by Major Doug Burr
To understand what is going on in any community, one must begin a procedure of looking critically at that community. Too often the church comes into a neighbourhood deciding what is best for them and then embarking on a project to fix things. This is usually done with very little study or deep understanding of what factors have made the community what it is. We often come to the conclusion that we have all the answers, without even looking for specific problems!
Herein is a process that can be used in any community to understand what is really going on and open our eyes to see the true picture.
A. Study the Present
To some extent, this is what any church or social change group does as it enters a community. However, I believe this is a more important step than just going through the neighbourhood with a survey sheet, developed with a conclusion already in mind or with the purpose of proving your particular ministry is necessary. There is much more to it than that. Here are two things to consider:
Observation entails getting an accurate image of what the community currently is. While many ways are available to observe what is going on in a community, these three important components must be included.
a. Walk Around. This is a good place to start. Get a map, get familiar with it, then spend time (lots of it!) walking around your community. One cannot get to know a community from a distance or even driving through it. We must get our information first-hand and in person. An authenticity comes with actually being there that we cannot glean from any other source. Take notice of anything that catches your attention and take notes.
b. Look for Opposites. Look for things happening that are opposites of Godly characteristics and desires. If Satan is in control, one of the things he does is direct a community (or person, for that matter) away from God’s purpose and desires for that community to the opposite. Often it is obvious, when we are looking for it. For instance, if we find much brokenness and hurt in a community, perhaps God’s design is for it to be a place of healing.
This is based on the concept that God has a redemptive gift(s) for every city. Like spiritual gifts for individuals, redemptive gifts reveal God’s plan and purpose for a city.  Knowing God’s specific design for a city is important in directing our prayers to be in line with God’s will and eventually accomplishing his purposes.
c. Prayer-walk. While some praying can be done when walking around, I recommend prayer-walking be done as a separate step. Prayer-walking is defined as "praying on site, with insight"  and we need to have good information about the area before we begin to pray seriously. Prayer-walking allows God to speak to us about specifics relating to places or people and can even develop into a vital evangelistic effort.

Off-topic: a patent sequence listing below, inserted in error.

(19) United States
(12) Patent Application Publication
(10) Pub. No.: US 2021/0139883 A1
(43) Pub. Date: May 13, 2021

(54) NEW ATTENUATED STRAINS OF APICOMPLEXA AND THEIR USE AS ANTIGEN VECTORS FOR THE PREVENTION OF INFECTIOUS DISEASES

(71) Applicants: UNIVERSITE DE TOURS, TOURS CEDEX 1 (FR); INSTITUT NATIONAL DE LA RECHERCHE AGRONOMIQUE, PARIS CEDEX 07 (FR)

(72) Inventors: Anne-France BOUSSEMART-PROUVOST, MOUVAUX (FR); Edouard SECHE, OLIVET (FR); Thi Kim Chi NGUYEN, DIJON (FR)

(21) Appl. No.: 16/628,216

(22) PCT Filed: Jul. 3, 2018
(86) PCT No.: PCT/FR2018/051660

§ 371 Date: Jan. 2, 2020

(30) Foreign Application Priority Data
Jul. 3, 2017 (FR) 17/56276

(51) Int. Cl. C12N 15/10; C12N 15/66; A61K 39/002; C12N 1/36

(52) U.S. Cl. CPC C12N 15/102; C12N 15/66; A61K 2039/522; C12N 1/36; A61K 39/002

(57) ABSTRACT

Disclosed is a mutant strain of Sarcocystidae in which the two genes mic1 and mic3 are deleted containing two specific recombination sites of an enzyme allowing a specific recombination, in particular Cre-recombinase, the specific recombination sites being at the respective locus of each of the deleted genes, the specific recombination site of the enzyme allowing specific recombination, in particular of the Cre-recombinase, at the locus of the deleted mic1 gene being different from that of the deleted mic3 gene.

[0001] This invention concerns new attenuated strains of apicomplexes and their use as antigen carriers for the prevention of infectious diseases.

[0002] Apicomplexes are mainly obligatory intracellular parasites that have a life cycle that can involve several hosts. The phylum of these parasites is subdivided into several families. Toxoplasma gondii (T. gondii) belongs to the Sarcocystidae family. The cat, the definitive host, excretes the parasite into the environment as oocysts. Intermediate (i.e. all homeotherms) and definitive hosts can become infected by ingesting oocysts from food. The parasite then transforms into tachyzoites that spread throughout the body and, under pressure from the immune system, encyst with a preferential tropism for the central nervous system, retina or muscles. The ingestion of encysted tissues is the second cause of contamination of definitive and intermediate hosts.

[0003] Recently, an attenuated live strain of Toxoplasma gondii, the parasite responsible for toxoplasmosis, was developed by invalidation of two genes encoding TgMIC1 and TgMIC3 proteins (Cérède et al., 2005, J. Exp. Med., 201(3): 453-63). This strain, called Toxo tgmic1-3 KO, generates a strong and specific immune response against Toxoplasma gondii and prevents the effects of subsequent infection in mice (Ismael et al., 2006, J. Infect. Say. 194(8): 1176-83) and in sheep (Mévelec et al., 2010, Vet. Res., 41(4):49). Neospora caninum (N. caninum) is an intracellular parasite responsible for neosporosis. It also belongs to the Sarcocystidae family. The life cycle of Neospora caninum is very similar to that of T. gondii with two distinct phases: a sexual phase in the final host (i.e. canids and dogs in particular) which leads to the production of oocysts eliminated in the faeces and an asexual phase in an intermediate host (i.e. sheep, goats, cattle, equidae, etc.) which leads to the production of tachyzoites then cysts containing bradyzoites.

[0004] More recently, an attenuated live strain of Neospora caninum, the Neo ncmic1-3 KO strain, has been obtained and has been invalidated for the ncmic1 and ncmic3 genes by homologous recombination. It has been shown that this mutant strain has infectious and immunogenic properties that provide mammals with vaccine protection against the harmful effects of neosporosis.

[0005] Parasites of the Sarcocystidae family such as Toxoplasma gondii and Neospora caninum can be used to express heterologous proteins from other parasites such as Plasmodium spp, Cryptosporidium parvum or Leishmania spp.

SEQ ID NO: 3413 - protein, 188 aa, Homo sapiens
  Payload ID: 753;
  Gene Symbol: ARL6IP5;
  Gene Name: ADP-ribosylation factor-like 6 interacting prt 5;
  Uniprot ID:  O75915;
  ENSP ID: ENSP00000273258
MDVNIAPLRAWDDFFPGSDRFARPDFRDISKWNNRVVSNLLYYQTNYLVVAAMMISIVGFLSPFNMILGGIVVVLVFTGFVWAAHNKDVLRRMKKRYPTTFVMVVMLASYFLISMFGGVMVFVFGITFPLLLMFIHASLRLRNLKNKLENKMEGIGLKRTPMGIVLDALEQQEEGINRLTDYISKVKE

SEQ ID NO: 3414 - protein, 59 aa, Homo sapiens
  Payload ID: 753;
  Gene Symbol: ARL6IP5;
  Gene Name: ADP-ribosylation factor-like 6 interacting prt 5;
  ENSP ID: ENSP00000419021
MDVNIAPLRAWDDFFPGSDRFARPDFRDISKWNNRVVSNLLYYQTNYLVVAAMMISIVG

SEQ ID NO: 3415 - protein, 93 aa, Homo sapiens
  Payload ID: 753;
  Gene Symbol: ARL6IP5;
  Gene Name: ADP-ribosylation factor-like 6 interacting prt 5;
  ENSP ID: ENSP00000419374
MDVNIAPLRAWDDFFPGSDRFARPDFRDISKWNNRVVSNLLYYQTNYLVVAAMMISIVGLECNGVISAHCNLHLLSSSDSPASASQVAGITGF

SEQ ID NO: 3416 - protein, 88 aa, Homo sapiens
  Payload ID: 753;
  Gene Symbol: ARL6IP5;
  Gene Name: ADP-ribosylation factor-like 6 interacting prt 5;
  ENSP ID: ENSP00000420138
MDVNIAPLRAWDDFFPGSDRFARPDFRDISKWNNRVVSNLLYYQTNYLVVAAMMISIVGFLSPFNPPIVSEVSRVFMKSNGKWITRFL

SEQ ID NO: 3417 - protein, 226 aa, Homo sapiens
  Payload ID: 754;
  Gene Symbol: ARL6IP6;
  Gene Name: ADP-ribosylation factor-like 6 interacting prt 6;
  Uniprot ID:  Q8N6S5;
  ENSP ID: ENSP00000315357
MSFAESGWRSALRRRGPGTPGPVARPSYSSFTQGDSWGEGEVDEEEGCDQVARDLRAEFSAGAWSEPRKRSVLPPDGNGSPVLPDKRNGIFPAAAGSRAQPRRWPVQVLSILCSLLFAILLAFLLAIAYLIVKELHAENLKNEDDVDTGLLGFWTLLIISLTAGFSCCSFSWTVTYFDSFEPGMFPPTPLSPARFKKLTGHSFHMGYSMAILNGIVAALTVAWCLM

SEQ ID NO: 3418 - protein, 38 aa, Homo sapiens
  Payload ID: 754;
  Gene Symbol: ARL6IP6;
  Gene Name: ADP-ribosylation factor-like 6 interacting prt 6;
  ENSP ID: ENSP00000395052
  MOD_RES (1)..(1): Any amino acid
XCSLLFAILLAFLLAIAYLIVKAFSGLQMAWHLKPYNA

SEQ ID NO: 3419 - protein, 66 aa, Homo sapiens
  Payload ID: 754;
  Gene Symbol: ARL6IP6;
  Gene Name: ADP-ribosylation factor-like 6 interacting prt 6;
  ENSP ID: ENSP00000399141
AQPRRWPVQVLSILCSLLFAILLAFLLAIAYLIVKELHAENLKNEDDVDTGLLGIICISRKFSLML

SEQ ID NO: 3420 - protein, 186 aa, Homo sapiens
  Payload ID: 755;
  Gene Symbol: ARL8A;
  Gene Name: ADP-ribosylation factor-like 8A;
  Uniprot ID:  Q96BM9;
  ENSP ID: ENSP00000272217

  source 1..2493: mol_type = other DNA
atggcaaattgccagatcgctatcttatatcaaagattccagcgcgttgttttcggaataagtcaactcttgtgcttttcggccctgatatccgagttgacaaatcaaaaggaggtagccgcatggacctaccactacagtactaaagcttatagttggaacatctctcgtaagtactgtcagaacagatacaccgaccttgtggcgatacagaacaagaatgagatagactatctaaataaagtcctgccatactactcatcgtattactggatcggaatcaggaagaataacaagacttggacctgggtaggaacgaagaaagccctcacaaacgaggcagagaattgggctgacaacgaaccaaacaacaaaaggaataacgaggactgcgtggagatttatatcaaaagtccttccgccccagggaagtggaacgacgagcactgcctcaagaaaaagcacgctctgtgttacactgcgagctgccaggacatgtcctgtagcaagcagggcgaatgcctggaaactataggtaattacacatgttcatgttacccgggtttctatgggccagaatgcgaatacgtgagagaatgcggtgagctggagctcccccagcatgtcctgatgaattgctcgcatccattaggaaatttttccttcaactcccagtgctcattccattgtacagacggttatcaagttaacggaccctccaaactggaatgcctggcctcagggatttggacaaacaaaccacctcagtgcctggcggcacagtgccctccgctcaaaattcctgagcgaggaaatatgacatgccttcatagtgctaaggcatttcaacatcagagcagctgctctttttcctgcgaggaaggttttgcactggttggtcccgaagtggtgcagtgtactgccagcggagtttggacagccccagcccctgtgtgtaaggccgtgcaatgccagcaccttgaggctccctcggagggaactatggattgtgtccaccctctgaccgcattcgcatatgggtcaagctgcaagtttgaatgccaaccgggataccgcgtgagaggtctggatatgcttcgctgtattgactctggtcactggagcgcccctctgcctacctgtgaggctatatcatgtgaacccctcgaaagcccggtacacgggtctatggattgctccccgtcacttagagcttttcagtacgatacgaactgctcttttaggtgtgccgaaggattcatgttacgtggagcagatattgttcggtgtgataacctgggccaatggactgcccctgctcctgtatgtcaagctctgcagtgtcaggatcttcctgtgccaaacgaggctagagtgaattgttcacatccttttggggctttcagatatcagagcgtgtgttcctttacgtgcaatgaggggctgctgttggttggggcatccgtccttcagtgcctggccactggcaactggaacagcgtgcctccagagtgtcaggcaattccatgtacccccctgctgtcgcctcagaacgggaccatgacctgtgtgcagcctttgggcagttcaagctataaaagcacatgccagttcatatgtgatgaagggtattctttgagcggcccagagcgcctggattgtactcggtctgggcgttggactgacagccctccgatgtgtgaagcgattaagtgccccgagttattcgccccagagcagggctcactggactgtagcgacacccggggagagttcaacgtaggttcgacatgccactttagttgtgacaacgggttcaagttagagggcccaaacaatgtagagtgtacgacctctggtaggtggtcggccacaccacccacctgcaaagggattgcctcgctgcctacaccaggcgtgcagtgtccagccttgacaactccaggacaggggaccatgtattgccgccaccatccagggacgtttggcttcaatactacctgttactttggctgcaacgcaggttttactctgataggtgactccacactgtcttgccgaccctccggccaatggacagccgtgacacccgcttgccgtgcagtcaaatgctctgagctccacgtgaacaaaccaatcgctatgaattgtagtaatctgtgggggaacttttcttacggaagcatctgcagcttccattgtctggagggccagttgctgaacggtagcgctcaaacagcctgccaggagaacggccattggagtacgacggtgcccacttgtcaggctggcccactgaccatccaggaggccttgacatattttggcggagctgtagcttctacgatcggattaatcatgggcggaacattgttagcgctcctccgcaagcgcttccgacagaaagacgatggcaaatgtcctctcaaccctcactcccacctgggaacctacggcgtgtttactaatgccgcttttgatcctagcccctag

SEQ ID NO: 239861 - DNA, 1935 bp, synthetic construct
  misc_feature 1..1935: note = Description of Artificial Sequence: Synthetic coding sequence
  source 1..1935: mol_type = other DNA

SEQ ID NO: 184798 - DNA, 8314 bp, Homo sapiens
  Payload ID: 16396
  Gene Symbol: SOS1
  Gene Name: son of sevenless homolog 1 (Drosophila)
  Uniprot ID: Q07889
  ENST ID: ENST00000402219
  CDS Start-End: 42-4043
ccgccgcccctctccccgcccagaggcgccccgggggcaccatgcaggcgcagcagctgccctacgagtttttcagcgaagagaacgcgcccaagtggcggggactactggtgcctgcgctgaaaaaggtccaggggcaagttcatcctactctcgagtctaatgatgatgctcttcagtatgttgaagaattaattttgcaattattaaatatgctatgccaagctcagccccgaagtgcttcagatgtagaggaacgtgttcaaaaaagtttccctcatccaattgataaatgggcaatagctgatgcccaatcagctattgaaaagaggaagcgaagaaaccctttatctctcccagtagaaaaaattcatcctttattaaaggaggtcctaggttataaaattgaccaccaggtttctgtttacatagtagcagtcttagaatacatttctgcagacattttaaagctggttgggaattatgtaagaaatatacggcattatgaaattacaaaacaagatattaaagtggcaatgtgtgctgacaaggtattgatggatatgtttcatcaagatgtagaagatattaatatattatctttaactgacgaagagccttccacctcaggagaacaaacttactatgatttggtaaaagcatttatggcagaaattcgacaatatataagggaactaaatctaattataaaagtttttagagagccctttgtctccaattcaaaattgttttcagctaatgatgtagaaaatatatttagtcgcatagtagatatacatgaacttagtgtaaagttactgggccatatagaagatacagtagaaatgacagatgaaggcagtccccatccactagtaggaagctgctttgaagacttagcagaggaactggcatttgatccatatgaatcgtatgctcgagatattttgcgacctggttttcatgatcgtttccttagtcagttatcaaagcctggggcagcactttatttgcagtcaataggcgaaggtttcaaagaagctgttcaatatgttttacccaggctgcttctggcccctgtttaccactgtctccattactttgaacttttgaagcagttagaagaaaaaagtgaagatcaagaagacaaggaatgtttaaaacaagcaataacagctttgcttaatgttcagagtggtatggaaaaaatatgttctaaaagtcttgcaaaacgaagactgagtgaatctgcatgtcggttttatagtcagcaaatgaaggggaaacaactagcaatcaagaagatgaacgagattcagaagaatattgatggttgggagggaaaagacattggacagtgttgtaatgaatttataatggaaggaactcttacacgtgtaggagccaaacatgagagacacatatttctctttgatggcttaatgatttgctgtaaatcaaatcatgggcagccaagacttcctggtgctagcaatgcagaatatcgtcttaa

Still, these things alone are not enough to fully learn what is going on in a community. Once we familiarize ourselves with the physical area, we then need to dig deeper in other ways.
This step is where we put some of our walking experience to work combining it with what we can get from other resources and people.
a. Talk to People. You’re not the only one who has learned something about your community. Talk to others about their insights. Glean from their experience and knowledge. Include people who have any kind of connection with your community. The more varied the people we talk with, the wider the useful information we will gather. One should keep a notebook of contacts and conversations.
b. Listen. While talking with people, really listen to what they have to say. Keep your "ear to the ground" and pick up as much information as possible from as many sources as can be found. We may deem much of what we hear gossip or useless, but we can weed it out later.
c. Read Current Area Papers and Publications. Finally, get your hands on all the community newsletters, social action group publications, political brochures and newspapers available. These are loaded with a wide variety of information that will possibly prove invaluable to your research.
Now that we’ve armed ourselves with all the current information we can possibly find relating to the community, it’s time to begin looking at what has gone on before.
B. Study the History
Since we will probably need to address corporate sin and corporate sin develops in the past, we must look back to discover the things that have happened that caused the current situation of our community. There are at least three ways to do this.
1. Formal, Written History
Go to the library. Look over the selection of books about the history of your community. I am sure there will be many. Perhaps you can find a local historical society that can provide help also. As you read, remember that history is always coloured by the author and his purpose for writing. Therefore you may need to read between the lines. I find it rare that you will find references to instances of social injustice or mistreatment of immigrants. Of course, you will find the large events that made the headlines, but smaller incidents were usually kept quiet. These things will be harder to find and yet they can be the very things that should be addressed.
2. Informal, Oral History